In our last blog, our long term disability attorney in Louisville talked about how you may not be engaging in SGA, even if you monthly income exceeds the SGA earnings cutoff. We’ve mentioned it before, and we’ll say it again, SGA is rarely straightforward, and it can be a very complicated issue. That is why we have started this blog series to help you to get a deeper understanding of SGA.

Can your claim be denied because you are engaging in SGA?

The short answer is yes. If your monthly income is greater than the SGA threshold, the SSA will not consider you to be disabled unless you are working under the special circumstances that we mentioned in our last blog. In most cases, if you aren’t blind and you are making more than $1,090 every month, your claim will almost automatically be denied and you will never even receive a medical review. However, this does not necessarily mean that you should quit your job when you apply for SSD benefits.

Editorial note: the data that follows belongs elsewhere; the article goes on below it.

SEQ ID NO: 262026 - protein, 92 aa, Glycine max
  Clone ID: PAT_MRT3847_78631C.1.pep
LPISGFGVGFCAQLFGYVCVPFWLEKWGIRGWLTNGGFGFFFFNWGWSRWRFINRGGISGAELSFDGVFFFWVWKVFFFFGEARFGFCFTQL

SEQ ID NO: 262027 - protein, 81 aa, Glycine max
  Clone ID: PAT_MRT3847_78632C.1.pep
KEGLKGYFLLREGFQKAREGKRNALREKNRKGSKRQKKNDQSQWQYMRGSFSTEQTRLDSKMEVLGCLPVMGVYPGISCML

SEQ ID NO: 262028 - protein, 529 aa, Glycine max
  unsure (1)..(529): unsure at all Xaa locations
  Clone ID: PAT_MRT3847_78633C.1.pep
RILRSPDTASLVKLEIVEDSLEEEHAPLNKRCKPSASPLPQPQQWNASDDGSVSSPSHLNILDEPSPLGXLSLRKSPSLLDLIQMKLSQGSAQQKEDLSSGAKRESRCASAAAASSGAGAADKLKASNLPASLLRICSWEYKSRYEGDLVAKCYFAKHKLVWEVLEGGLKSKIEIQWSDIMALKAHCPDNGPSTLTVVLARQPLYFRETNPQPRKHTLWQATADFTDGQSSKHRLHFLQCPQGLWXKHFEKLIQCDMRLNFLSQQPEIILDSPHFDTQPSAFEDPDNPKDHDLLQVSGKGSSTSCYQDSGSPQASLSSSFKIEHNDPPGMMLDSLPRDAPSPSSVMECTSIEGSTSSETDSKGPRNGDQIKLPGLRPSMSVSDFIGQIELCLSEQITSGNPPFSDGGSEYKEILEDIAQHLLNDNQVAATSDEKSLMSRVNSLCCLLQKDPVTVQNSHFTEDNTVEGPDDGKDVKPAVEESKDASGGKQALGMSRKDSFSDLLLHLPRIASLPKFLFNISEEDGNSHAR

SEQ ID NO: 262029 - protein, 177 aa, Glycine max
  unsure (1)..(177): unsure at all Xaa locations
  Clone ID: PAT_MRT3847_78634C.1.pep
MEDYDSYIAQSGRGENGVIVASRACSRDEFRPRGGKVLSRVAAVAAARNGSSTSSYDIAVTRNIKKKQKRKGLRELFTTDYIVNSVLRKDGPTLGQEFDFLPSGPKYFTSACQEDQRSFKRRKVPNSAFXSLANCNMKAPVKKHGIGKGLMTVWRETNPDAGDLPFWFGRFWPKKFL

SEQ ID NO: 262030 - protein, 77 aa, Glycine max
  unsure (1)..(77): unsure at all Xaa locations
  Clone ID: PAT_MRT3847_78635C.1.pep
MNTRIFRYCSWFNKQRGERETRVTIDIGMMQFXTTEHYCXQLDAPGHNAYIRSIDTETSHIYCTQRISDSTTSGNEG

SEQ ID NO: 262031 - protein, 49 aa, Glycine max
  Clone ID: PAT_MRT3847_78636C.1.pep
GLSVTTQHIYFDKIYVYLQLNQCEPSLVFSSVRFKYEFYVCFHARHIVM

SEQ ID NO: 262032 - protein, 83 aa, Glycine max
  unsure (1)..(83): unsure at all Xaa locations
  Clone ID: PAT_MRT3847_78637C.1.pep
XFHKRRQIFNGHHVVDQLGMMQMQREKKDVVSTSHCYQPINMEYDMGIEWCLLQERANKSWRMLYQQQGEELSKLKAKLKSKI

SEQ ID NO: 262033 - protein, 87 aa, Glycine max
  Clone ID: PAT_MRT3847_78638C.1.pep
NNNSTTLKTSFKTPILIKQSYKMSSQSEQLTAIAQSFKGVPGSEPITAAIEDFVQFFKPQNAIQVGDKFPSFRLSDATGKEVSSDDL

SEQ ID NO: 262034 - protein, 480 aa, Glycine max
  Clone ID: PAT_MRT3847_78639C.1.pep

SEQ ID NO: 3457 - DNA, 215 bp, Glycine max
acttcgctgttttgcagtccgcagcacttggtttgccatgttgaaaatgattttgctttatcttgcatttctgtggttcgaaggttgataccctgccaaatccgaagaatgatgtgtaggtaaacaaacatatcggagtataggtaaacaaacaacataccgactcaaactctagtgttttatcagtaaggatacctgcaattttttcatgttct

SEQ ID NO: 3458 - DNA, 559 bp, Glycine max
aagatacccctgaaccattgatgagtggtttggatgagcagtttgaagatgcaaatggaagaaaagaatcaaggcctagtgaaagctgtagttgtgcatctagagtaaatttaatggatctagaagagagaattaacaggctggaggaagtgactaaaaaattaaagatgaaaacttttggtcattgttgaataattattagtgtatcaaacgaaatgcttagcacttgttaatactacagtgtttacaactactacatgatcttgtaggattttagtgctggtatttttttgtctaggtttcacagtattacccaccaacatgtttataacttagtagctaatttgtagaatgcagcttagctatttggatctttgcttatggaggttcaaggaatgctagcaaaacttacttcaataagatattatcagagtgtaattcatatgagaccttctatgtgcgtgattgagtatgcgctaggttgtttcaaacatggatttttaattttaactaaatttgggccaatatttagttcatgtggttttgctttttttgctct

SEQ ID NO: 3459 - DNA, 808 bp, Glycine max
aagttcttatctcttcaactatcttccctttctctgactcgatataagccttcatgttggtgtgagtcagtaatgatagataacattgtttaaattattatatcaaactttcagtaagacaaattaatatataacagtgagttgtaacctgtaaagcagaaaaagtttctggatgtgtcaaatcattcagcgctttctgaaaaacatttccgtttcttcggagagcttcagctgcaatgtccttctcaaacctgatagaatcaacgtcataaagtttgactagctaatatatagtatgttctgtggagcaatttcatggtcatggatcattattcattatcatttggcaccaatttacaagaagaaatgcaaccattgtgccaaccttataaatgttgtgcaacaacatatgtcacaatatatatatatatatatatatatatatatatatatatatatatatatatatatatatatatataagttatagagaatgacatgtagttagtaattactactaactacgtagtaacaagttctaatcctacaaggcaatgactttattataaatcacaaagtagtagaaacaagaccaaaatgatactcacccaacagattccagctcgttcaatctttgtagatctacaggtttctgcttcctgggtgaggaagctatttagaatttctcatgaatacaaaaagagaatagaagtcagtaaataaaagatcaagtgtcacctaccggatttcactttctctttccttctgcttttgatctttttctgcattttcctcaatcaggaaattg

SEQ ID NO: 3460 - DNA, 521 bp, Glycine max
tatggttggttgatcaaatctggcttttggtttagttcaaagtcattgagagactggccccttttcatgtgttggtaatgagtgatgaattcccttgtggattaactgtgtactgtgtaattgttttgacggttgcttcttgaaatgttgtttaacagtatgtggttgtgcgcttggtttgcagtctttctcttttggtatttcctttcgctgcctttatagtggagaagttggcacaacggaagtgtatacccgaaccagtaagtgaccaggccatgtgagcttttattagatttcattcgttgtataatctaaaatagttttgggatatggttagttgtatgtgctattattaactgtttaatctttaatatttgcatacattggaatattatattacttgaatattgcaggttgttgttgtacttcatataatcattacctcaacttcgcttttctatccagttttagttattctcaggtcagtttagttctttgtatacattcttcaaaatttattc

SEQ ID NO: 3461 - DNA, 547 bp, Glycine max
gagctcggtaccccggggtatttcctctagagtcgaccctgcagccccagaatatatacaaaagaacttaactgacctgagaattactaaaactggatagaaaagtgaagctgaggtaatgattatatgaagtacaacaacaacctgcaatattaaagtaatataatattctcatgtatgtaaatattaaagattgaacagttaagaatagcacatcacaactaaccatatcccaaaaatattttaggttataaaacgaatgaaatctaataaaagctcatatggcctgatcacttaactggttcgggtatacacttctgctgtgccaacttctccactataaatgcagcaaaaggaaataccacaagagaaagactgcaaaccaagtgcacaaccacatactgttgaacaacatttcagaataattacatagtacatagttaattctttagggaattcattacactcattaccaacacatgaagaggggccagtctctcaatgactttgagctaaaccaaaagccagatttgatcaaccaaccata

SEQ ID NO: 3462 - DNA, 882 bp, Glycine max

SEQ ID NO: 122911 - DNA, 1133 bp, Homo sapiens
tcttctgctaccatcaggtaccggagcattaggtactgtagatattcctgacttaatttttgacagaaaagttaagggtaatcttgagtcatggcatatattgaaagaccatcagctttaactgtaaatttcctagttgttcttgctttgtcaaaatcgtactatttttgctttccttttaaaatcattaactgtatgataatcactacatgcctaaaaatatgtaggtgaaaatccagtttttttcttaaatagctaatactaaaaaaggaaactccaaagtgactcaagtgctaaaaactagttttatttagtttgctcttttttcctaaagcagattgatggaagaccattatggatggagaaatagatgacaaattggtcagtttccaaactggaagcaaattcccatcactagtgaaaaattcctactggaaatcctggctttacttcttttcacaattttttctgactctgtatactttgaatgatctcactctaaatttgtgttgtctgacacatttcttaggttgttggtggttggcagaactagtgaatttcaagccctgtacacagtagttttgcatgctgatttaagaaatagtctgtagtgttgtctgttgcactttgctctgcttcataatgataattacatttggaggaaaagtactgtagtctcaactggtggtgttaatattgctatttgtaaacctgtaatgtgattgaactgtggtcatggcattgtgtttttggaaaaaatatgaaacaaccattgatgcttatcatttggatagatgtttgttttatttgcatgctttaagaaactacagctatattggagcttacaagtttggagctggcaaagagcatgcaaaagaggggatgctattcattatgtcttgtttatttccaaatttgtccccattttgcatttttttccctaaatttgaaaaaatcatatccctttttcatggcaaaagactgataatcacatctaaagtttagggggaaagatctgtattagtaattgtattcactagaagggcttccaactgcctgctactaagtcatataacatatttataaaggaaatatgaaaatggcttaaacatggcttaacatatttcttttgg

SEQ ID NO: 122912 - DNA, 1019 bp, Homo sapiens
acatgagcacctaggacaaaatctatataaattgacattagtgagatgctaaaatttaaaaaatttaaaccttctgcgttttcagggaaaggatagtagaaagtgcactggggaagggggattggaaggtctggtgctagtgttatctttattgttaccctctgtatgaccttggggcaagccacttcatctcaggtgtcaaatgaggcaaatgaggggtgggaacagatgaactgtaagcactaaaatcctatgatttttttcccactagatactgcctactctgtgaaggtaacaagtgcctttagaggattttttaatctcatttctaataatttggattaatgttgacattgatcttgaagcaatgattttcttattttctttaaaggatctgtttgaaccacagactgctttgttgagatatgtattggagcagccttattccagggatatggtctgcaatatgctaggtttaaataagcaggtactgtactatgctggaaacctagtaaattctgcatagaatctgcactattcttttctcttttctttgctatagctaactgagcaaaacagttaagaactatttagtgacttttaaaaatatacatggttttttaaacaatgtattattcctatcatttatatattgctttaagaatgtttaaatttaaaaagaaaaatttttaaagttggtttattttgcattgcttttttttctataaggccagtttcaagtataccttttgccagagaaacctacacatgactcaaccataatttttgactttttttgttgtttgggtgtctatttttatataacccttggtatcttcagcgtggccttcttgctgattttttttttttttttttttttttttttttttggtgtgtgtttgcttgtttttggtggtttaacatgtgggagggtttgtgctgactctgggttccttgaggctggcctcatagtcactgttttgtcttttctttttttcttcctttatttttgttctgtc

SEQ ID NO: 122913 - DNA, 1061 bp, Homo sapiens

What happens if you stop working?

If you stop working in order to avoid a denial based on SGA, you have to prove to the SSA that your disability has gotten bad enough that you can no longer work or perform SGA. When you stop working during the SSD application process, the SSA will first find out if your work activity is considered to be an unsuccessful work attempt or not. If your work activity is found to be an unsuccessful work attempt, any earnings you made during that attempt won’t count towards the decision of whether you are engaging in SGA or not.

We have just a little bit more information for you regarding SGA. Stay tuned for our next blog to learn more.